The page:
Tuesday, June 07, 2022

Climate Change: Taking the challenge seriously

Back in 2017, then-opposition leader Jacinda Ardern declared climate change to be "my generation's nuclear-free moment". Since then the government she leads has passed the Zero Carbon Act, legislating a net-zero (except for methane) 2050 target and strengthening our interim 2030 target. But that target has been rated as "insufficient" compared to our fair share of emissions. We're simply a foot-dragger, whining and pleading to keep on polluting.

Meanwhile, Finland is showing us what we need to do:

Finland has passed arguably the world’s most ambitious climate target into law. It aims to be the first developed country to reach net zero, in 2035, and net negative – absorbing more CO2 than it emits – by 2040.

According to Net Zero Tracker, only South Sudan has a more ambitious net zero date than 2035 and, as a developing country, its 2030 target is highly dependent on international finance.

The target was set based on analysis by a group of independent economists from the Finnish climate change panel. They worked out what Finland’s fair share was of the 420 GT of carbon dioxide that the world can emit and still have a two-thirds chance of limiting global warming to 1.5C.

The panel based this fair share on Finland’s share of the global population, its ability to pay to reduce emissions and its historic responsiblity for causing climate change. It is believed to be the first target to have been set in this way.

(The target had been previously announced when the governing coalition formed in 2019, but now it has finally been legislated).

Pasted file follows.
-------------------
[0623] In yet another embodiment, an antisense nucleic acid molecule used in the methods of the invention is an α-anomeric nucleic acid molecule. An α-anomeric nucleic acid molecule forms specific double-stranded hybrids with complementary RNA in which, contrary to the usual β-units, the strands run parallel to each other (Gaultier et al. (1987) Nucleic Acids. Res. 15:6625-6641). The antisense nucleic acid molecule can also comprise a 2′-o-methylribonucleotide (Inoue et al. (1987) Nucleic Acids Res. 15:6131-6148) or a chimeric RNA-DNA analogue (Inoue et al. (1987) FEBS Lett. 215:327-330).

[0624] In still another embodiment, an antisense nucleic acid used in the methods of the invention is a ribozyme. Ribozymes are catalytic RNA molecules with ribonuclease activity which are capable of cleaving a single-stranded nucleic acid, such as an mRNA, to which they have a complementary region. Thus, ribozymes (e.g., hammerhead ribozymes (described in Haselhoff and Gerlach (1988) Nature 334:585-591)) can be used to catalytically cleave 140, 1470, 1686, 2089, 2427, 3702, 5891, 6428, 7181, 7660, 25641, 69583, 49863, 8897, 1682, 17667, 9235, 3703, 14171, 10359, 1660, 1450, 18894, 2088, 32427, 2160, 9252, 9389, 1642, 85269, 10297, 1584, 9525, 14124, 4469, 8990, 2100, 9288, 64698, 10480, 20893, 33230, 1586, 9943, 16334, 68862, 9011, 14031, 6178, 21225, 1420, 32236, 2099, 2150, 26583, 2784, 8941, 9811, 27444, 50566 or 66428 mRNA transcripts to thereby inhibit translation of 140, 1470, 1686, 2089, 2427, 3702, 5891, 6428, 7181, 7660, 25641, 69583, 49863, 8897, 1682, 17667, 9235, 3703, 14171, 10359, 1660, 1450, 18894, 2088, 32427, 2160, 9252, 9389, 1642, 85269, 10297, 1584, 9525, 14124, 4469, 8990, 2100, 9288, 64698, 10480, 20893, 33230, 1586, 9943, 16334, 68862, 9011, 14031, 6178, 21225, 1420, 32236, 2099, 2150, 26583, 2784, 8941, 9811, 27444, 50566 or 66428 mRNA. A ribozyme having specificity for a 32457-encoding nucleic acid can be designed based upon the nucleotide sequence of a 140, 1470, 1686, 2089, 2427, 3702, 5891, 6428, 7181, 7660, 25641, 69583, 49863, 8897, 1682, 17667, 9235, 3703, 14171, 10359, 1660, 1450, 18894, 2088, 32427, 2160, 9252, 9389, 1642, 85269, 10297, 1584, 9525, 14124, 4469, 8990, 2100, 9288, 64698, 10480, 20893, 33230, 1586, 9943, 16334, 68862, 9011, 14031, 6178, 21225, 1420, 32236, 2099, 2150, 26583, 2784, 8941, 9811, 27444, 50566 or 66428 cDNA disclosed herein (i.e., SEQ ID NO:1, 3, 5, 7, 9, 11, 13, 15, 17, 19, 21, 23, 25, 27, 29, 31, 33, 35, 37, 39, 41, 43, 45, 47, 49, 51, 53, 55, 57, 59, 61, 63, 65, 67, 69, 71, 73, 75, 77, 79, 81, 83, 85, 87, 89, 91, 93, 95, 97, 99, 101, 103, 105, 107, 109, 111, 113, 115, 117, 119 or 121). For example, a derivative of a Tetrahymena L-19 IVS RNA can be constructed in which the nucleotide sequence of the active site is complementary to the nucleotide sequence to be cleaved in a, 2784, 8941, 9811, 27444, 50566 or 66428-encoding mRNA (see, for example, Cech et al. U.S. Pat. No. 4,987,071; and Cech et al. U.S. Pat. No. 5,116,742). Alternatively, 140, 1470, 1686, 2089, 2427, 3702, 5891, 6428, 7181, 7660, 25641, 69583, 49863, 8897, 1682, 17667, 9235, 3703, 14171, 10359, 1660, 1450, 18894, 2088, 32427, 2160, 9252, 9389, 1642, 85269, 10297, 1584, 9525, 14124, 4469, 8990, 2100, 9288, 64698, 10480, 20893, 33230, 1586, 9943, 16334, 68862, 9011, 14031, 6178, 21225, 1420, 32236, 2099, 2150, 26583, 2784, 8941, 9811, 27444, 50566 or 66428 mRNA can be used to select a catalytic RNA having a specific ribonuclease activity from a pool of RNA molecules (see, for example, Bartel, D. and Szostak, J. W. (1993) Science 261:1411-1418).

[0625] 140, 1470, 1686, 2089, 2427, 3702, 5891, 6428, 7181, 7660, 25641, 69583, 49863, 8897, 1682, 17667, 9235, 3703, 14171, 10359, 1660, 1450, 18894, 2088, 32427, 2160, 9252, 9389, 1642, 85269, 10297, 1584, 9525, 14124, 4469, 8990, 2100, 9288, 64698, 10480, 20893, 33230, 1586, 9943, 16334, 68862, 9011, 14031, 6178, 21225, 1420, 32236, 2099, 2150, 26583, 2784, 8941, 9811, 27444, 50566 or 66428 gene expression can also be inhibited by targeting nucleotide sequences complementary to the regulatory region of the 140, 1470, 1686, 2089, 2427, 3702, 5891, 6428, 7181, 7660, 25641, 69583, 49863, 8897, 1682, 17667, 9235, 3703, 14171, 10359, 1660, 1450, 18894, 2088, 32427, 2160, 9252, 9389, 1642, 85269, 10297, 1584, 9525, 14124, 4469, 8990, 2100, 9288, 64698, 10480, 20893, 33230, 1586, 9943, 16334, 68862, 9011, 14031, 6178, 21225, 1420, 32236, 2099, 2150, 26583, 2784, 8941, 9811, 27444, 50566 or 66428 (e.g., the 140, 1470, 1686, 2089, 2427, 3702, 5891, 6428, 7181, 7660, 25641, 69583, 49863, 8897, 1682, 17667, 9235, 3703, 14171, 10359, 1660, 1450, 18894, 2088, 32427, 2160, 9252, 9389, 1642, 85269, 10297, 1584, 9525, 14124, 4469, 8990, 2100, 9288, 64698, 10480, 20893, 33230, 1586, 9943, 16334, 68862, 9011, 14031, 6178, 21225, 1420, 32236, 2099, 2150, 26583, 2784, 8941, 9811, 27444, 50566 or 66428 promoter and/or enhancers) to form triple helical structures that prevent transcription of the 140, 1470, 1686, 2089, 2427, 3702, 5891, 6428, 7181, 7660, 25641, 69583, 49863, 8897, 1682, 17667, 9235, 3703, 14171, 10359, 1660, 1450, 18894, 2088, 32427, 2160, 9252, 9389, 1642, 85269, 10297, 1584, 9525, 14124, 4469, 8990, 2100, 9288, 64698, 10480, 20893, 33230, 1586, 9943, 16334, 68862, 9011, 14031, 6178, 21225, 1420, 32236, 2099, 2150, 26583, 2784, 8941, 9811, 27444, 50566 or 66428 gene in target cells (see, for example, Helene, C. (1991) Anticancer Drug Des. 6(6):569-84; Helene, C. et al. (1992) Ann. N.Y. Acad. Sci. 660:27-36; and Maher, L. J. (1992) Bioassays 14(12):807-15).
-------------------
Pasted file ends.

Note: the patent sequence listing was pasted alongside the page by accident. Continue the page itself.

This is what taking climate change seriously looks like. This is what we would be doing if Ardern actually thought it was a "nuclear-free moment". It would mean the end of "business as usual" and massive changes to Aotearoa's economy - not just the decarbonisation of electricity supply we already seem to be on track for, but a massive drop in the dairy herd (the dirtiest, least-productive part of our economy), the end of the polluting tourism industry, the reforestation of much of the country, and a massive change in how we live in cities. Which sounds hugely disruptive, and it will be. But so is flooding Petone, South Dunedin, and central Wellington, while letting the whole east coast dry up and blow away - which is what we're already on track for. This sort of target is what we actually need to do to survive, and anything less is actively endangering us. And if the current government thinks survival is "too disruptive" (which they also seem to do with Covid), then we need a better one.